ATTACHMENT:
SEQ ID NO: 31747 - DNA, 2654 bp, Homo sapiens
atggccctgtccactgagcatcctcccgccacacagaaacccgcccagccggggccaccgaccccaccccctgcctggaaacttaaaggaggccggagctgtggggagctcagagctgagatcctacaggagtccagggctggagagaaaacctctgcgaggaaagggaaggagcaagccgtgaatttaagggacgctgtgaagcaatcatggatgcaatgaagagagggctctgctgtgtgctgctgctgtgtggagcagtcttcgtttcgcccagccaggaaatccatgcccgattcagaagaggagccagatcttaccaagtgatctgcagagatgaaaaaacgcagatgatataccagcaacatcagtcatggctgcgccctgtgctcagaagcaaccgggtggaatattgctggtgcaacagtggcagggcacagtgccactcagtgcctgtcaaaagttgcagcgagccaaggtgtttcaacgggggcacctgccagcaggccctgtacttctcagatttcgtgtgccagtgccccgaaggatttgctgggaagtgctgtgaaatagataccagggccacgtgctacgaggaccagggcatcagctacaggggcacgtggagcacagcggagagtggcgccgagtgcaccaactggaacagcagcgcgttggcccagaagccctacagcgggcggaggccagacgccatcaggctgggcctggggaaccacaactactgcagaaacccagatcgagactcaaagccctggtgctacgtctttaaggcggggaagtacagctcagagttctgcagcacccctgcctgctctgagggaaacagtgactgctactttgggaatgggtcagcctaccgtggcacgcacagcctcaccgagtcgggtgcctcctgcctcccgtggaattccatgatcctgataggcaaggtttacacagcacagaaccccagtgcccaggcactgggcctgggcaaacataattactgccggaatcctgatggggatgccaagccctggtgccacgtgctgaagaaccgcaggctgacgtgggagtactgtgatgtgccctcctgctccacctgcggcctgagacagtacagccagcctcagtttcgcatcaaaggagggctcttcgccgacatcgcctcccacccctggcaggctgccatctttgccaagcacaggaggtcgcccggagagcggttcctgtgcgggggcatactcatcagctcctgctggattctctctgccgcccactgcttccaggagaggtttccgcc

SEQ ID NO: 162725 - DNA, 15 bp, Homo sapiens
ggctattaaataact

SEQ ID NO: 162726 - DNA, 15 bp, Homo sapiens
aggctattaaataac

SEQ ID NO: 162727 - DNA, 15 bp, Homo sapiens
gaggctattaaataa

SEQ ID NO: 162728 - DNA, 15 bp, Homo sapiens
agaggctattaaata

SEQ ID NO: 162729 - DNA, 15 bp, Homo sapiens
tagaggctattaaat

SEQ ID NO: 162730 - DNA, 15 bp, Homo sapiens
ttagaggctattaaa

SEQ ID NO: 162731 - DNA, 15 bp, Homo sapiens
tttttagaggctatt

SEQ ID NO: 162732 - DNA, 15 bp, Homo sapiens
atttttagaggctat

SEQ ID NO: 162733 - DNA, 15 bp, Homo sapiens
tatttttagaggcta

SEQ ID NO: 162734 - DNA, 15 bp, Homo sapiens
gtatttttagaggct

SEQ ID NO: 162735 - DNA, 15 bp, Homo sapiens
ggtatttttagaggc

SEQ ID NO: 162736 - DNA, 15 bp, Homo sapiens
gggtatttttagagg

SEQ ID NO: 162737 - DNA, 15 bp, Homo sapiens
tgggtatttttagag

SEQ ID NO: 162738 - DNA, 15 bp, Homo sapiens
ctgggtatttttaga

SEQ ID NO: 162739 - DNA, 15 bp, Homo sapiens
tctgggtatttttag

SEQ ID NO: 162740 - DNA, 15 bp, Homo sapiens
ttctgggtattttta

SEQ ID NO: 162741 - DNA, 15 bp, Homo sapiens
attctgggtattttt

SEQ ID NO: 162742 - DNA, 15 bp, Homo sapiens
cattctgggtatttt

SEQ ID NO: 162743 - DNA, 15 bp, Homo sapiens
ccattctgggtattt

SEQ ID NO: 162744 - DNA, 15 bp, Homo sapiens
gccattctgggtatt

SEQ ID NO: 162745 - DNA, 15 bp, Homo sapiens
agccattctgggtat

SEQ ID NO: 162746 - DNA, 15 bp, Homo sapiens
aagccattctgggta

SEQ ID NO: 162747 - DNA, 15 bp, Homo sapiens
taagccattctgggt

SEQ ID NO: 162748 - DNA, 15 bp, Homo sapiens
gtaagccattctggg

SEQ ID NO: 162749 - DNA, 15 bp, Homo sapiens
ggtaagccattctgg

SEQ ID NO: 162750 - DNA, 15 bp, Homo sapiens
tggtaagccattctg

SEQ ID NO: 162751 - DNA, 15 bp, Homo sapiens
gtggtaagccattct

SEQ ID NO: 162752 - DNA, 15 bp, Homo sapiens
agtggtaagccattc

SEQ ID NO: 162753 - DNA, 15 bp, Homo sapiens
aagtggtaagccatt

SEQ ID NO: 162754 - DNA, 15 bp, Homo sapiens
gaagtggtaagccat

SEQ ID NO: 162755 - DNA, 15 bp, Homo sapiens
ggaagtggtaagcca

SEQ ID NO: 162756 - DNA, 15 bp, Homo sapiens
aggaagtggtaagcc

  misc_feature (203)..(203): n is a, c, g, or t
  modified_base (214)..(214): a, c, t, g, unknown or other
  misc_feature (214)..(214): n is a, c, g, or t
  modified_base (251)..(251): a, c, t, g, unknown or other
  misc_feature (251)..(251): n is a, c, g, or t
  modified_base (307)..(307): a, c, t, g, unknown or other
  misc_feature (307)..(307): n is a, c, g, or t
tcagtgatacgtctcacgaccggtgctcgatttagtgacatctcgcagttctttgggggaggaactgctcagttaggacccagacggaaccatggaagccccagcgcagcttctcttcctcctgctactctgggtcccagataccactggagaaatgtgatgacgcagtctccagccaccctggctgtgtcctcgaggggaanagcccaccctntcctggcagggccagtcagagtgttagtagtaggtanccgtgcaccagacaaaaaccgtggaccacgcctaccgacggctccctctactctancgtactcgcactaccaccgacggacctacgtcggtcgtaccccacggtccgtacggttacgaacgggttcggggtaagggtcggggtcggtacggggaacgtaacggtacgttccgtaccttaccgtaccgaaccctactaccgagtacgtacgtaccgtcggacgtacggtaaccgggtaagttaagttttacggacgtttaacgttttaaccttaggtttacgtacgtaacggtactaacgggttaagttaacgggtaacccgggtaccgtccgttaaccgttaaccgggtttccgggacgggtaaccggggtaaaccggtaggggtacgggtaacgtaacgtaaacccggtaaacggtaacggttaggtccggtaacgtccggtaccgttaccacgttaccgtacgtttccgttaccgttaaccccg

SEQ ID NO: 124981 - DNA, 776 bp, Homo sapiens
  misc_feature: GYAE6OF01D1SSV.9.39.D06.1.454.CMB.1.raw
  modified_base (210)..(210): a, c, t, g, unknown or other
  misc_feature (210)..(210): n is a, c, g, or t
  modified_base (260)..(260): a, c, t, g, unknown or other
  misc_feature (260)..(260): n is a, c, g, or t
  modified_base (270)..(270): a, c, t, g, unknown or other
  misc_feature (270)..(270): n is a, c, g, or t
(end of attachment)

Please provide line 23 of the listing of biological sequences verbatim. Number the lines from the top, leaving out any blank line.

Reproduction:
SEQ ID NO: 162735 - DNA, 15 bp, Homo sapiens